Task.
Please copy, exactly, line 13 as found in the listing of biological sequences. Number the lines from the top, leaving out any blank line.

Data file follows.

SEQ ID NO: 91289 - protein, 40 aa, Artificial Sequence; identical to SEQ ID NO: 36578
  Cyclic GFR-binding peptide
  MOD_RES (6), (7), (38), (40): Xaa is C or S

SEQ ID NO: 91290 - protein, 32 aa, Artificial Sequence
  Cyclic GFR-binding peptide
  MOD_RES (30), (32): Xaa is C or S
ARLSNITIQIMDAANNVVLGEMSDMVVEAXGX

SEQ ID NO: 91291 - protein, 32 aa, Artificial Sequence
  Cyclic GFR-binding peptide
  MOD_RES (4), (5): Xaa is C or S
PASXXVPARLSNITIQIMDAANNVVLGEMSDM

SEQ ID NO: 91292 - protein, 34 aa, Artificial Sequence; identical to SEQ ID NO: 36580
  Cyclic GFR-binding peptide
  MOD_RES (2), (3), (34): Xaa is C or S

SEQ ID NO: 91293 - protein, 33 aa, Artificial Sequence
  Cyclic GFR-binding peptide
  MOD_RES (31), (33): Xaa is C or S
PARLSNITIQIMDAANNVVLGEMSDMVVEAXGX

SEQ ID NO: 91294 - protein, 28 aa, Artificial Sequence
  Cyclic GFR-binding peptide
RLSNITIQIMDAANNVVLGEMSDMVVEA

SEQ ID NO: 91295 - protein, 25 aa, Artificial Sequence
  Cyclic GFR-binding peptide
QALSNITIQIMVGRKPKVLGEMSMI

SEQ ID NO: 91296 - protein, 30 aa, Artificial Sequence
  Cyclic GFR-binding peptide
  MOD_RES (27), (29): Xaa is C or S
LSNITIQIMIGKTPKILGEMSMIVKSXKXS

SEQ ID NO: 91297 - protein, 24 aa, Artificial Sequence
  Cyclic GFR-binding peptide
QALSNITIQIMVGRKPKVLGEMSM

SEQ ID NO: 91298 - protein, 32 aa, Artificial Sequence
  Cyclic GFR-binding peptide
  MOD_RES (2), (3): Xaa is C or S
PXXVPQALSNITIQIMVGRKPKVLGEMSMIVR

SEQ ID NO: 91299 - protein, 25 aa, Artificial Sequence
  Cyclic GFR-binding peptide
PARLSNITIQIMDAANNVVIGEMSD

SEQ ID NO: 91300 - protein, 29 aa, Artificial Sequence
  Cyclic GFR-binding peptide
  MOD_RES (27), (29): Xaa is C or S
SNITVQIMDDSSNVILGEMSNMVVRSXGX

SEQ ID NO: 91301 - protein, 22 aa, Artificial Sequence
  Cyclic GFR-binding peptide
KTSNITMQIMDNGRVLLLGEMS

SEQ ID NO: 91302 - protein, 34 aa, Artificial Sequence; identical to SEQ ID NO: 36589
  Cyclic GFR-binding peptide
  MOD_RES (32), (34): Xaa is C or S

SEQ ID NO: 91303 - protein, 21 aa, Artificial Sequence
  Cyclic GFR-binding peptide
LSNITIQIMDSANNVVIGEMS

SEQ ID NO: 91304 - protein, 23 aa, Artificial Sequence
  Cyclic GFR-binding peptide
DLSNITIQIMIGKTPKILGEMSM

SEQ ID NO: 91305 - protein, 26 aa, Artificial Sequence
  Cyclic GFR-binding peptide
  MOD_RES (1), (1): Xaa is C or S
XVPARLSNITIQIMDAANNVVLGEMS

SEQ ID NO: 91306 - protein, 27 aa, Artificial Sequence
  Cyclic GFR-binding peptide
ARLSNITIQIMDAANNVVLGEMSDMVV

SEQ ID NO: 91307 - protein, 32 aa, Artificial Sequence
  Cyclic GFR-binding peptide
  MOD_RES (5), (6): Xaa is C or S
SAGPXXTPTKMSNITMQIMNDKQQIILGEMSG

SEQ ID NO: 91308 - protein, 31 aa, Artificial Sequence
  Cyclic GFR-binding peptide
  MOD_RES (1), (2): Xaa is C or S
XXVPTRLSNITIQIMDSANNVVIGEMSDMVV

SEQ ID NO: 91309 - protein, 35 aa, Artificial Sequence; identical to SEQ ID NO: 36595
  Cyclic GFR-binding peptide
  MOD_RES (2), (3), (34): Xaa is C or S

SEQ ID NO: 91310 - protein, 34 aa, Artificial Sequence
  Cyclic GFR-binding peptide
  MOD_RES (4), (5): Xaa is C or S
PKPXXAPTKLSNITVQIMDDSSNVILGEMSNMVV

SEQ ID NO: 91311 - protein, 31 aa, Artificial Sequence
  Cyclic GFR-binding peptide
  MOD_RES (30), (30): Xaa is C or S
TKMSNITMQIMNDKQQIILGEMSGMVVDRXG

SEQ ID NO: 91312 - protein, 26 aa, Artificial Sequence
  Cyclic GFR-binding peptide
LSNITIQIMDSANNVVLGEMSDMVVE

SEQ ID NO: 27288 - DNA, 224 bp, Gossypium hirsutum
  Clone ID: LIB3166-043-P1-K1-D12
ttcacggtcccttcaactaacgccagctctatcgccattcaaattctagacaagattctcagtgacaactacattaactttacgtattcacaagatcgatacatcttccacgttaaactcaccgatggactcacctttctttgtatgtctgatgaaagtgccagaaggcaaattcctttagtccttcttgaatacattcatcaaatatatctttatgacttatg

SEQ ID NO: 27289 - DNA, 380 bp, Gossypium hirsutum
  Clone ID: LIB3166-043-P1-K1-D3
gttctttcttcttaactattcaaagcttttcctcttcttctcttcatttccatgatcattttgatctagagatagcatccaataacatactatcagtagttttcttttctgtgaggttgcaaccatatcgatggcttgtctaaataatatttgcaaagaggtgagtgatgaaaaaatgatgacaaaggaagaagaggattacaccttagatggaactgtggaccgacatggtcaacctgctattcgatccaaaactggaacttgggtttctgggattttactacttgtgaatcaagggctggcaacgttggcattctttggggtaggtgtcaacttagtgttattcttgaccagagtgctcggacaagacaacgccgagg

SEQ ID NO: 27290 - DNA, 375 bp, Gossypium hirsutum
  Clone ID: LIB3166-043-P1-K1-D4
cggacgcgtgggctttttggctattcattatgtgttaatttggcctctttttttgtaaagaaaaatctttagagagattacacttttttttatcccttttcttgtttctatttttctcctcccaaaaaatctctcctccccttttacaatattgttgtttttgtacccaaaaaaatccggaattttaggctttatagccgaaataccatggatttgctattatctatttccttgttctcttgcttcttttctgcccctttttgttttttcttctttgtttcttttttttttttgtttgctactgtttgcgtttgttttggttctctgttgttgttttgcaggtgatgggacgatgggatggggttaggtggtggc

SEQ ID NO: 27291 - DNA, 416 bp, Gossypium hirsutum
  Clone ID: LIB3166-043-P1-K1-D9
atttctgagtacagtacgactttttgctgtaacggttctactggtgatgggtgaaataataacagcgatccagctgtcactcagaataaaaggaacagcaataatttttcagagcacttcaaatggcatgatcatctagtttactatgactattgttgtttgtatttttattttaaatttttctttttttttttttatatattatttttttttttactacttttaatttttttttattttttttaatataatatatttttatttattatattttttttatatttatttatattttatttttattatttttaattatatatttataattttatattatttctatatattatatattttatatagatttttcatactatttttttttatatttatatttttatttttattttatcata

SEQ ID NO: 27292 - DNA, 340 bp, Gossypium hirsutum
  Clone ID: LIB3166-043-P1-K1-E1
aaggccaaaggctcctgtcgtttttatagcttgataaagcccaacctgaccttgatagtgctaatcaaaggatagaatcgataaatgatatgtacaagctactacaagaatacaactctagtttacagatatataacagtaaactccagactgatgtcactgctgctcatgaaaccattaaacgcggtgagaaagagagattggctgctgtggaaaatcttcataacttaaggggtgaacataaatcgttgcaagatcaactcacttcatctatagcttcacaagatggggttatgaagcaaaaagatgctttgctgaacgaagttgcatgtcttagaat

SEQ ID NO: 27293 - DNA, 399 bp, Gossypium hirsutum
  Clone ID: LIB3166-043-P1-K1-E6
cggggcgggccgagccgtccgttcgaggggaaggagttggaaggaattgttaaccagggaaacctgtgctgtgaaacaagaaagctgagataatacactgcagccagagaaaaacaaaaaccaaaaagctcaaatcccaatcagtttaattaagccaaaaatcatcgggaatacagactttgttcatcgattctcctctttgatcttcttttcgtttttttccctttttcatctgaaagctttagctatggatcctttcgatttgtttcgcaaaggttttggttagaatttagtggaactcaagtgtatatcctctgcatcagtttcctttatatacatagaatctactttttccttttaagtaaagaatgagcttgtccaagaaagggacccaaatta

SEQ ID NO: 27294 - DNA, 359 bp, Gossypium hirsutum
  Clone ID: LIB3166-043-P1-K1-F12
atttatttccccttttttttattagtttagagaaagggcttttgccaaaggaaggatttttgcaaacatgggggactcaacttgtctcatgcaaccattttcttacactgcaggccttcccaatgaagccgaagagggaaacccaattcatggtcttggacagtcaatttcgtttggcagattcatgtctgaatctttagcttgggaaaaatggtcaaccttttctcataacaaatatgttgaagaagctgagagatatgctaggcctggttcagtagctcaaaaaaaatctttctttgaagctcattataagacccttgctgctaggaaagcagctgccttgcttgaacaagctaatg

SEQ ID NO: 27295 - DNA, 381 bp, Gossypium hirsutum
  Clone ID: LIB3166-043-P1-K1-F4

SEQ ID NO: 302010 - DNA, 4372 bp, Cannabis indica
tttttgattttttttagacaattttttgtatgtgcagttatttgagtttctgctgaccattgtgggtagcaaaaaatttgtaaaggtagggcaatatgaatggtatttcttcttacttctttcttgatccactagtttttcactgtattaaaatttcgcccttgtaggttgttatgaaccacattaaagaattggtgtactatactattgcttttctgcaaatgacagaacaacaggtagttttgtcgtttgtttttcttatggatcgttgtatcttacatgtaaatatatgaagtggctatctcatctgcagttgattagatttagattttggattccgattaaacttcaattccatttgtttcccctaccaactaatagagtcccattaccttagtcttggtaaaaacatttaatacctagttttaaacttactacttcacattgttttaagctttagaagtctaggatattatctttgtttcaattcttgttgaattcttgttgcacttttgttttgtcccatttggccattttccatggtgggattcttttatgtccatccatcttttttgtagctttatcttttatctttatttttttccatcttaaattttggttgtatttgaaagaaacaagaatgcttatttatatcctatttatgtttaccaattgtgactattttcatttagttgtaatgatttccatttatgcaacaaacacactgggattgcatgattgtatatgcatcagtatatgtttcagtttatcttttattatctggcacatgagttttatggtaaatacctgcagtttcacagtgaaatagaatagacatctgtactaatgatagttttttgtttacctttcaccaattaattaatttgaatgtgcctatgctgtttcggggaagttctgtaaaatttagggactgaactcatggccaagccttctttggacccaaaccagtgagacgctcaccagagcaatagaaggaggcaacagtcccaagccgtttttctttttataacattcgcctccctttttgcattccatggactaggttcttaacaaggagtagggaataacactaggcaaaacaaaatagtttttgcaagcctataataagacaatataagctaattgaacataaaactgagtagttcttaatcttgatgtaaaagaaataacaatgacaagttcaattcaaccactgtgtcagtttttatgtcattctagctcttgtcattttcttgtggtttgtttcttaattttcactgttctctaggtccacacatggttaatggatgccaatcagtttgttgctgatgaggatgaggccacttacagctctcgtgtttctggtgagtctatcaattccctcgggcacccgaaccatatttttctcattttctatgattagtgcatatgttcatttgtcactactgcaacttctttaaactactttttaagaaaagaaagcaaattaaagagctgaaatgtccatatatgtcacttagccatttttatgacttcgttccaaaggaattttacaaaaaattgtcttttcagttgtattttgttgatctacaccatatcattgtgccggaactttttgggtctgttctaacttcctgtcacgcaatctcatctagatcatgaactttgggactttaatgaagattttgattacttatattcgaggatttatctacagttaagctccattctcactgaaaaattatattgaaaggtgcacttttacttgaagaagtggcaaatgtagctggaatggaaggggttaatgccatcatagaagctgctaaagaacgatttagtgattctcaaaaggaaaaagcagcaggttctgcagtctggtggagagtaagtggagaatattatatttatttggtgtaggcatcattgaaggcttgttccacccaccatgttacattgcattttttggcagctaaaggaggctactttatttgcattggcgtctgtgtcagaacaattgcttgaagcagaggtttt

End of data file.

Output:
  Cyclic GFR-binding peptide